It’s been so long since I’ve had any personal finance issues when dealing with banks and VISA and MasterCard credit and debit cards internationally that I almost forgot about the problems that exist. One such problem reared its ugly head when I tried to pay for my ticket back to the Philippines today using my VISA debit card from UnionBank of the Philippines. Before I get to that issue, I’ll have to explain a few things.
Direct Deposit and Bank Accounts in the Philippines
When I first moved to the Philippines in 2006, I had two bank accounts, one at Wells Fargo (USA) and one at Philippine National Bank (PNB in the Philippines). I had opened the PNB account in Los Angeles, California, prior to moving to the Philippines so that I could have easy access to the money I gained from selling my home (nearly $100,000).
It wasn’t my first trip to the Philippines, obviously, and I knew I would have issues with an ATM card from Wells Fargo. American banks like to freeze accounts for “possible fraud” when you use their cards in ATM machines in the Philippines. Sure, a simple phone call can clear it up nowadays and it’s pretty easy to do if you have a VoIP service set up the right way (or if you don’t object to paying long distance fees). Still, who wants to deal with all that grief?
Some Americans living in the Philippines write checks against their American bank accounts and then deposit those checks in Philippine banks. The problem I have with that solution is that it can take up to a month for a check like that to clear — which means, you have one month of pay basically inaccessible at all times.
I’m not sure, but I think PNB is the only bank that has branches in the US. Regardless, I was able to have my monthly pension direct deposited to the PNB branch in New York and I withdraw from the Olongapo City branch. The only delays that actually occur are during Philippine holidays and I think the latest for a paycheck due on the 1st (which is the 2nd in the Philippines) was receiving it on the 5th once or twice.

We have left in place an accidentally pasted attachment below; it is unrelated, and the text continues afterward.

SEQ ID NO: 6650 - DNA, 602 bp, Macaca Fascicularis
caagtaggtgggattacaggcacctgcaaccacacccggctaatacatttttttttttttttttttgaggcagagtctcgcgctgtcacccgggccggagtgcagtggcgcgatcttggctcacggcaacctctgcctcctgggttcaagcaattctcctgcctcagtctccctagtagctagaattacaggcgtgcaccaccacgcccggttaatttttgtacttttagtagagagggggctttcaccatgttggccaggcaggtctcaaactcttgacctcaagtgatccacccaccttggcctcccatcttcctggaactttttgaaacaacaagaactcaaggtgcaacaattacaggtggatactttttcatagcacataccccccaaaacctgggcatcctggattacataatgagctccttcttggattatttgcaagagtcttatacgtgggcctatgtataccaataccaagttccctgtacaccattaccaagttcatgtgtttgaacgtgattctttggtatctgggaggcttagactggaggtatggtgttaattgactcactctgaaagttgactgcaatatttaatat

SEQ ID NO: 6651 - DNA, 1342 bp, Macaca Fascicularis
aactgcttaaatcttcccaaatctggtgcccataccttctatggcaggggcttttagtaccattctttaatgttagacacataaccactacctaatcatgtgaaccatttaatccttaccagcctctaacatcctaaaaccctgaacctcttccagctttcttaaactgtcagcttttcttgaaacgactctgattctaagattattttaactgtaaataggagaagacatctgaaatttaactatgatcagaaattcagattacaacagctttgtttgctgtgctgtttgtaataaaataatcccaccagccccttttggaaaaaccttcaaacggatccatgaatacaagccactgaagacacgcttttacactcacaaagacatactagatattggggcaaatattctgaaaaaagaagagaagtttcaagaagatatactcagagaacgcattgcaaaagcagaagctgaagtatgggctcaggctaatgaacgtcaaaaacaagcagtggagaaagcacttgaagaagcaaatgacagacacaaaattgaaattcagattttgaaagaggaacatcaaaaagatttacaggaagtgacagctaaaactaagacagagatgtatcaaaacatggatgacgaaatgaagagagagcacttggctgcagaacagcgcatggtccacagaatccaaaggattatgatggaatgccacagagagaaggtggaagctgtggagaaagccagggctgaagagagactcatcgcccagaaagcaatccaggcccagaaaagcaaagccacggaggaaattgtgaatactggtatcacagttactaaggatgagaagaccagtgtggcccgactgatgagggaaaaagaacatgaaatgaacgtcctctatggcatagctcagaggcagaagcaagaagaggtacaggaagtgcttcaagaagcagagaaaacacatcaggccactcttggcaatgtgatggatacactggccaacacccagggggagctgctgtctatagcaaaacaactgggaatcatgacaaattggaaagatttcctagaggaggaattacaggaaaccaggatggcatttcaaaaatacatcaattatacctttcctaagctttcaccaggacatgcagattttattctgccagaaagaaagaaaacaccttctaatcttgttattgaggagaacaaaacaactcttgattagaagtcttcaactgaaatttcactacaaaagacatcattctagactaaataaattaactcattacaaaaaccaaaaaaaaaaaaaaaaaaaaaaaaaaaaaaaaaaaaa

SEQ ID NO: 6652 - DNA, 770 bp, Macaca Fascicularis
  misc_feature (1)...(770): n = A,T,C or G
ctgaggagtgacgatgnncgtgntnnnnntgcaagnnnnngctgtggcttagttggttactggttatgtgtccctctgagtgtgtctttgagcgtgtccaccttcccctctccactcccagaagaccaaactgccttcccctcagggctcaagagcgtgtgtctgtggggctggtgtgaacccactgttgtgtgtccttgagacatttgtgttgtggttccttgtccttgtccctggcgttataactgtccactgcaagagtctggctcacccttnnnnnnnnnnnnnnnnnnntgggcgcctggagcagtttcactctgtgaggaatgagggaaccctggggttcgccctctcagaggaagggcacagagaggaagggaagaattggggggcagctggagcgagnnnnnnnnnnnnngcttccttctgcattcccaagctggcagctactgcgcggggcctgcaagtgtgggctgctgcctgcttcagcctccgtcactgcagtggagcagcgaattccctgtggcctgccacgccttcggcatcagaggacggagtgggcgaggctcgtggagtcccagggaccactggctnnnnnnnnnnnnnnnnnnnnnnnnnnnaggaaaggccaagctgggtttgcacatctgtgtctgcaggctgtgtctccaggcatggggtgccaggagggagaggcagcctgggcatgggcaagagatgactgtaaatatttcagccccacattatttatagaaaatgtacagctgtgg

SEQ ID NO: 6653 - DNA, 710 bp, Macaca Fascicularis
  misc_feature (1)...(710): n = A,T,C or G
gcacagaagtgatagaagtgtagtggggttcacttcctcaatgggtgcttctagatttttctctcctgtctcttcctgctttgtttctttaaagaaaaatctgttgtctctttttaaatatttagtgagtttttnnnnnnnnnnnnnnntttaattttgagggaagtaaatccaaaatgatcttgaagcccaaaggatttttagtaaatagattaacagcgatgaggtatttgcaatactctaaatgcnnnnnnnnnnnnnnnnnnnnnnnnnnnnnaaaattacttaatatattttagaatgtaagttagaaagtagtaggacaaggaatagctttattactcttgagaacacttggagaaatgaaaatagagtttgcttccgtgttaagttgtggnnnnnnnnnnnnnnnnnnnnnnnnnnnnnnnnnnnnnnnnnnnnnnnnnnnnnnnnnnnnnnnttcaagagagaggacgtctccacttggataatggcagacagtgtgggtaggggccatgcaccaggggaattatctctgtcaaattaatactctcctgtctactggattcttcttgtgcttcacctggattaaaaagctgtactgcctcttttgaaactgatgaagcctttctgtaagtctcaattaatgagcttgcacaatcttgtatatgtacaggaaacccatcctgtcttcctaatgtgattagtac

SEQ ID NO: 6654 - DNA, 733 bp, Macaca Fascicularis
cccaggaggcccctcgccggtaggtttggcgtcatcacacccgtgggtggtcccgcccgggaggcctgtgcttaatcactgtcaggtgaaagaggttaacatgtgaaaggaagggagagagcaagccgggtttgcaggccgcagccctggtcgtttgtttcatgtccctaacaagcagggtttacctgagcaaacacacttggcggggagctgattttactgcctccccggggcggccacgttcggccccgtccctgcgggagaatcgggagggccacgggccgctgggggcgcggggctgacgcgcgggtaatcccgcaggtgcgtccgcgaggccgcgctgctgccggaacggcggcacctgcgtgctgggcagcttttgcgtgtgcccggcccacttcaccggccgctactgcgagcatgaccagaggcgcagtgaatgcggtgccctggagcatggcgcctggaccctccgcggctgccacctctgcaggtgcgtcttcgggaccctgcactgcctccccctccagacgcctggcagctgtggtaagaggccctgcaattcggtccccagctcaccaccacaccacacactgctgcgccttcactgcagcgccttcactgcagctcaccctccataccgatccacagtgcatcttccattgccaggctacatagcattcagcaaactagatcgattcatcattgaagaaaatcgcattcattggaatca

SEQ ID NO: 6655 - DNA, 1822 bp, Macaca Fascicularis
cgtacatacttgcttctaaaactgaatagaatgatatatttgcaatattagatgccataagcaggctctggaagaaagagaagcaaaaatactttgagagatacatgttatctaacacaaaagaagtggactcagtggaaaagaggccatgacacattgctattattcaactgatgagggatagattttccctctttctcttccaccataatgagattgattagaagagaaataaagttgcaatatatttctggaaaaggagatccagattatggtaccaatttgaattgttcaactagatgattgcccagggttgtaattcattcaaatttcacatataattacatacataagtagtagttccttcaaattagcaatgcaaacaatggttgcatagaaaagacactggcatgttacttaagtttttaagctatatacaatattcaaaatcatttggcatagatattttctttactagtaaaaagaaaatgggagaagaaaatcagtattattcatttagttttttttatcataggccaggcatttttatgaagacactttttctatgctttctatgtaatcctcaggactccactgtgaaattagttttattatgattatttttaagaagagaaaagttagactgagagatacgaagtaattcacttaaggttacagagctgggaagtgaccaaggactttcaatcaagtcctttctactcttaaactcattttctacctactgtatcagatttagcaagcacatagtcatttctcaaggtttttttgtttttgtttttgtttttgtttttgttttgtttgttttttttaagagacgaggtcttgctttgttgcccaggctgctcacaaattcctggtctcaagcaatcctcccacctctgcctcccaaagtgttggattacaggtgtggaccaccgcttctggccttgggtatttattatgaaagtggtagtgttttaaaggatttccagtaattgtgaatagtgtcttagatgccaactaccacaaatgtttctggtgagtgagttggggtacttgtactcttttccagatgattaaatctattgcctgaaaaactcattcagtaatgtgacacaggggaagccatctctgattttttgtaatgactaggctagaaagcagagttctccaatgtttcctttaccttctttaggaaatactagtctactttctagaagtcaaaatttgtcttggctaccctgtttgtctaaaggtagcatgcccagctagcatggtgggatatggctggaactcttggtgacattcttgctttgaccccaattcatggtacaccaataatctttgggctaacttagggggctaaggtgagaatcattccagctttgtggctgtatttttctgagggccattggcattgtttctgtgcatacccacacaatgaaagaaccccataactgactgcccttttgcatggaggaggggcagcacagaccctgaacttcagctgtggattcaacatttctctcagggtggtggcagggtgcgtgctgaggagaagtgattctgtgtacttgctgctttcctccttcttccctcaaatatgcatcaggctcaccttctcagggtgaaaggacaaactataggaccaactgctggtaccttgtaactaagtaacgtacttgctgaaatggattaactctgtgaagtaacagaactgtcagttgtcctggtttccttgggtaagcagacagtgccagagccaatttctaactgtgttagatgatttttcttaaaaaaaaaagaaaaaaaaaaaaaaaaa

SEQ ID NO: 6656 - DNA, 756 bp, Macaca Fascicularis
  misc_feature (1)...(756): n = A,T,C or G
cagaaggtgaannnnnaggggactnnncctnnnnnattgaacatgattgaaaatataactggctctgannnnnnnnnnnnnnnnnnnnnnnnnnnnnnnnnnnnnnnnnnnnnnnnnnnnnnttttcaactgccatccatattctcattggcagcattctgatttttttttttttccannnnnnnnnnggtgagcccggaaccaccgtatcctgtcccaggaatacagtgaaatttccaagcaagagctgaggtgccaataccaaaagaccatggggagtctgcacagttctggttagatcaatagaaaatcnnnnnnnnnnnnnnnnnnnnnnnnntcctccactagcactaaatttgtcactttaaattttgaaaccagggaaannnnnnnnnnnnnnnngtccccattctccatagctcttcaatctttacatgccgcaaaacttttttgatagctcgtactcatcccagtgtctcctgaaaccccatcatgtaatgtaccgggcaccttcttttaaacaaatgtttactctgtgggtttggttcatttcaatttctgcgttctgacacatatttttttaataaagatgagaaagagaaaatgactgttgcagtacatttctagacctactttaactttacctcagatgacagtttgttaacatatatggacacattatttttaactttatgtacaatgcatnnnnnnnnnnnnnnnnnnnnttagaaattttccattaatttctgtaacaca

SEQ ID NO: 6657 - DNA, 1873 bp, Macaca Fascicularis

Bank Cards and ATM Machines
Buried in the details of every bank is the limit on how much money can be withdrawn from an ATM machine per day as well as the limit on spending. What I found out today is that while my wife’s bank card has a spending limit of about $3000 per day ($400 for an ATM), UnionBank of the Philippines has a spending limit of 20,000 pesos per day, which is about $400 (and the same amount for an ATM). My airline ticket from Phoenix to Manila is obviously more than $400 (it should be about $814, actually). When my card was declined as debit and produced an error of “insufficient funds” when used as credit, that’s when I went to the UnionBank website and found the amount.
I still have two bank accounts, but one is PNB and the other is UnionBank of the Philippines – I closed the Wells Fargo account in 2010 after more than my fair share of frustrations. The PNB account is a dollar account for my direct deposit and the UnionBank account is a peso account. I use the UnionBank account it to withdraw funds from my PayPal Philippines account, which automatically converts from dollars to pesos, and when buying stuff through Amazon.
I had no issues with the UnionBank VISA card until today and that’s only due to that daily spending limit. While I’ve been on vacation in Arizona, I’ve made withdrawals from ATM machines (less than $400 each time) and I’ve made purchases (also less than $400 each time), including ordering stuff from Amazon for Christmas.
I guess the point of all this is to be aware of issues and limitations with VISA and MasterCard credit and debit cards when traveling internationally. Regardless of both, it’s still better than trying to travel with cash, which is an option I had little choice with back in the 1980s.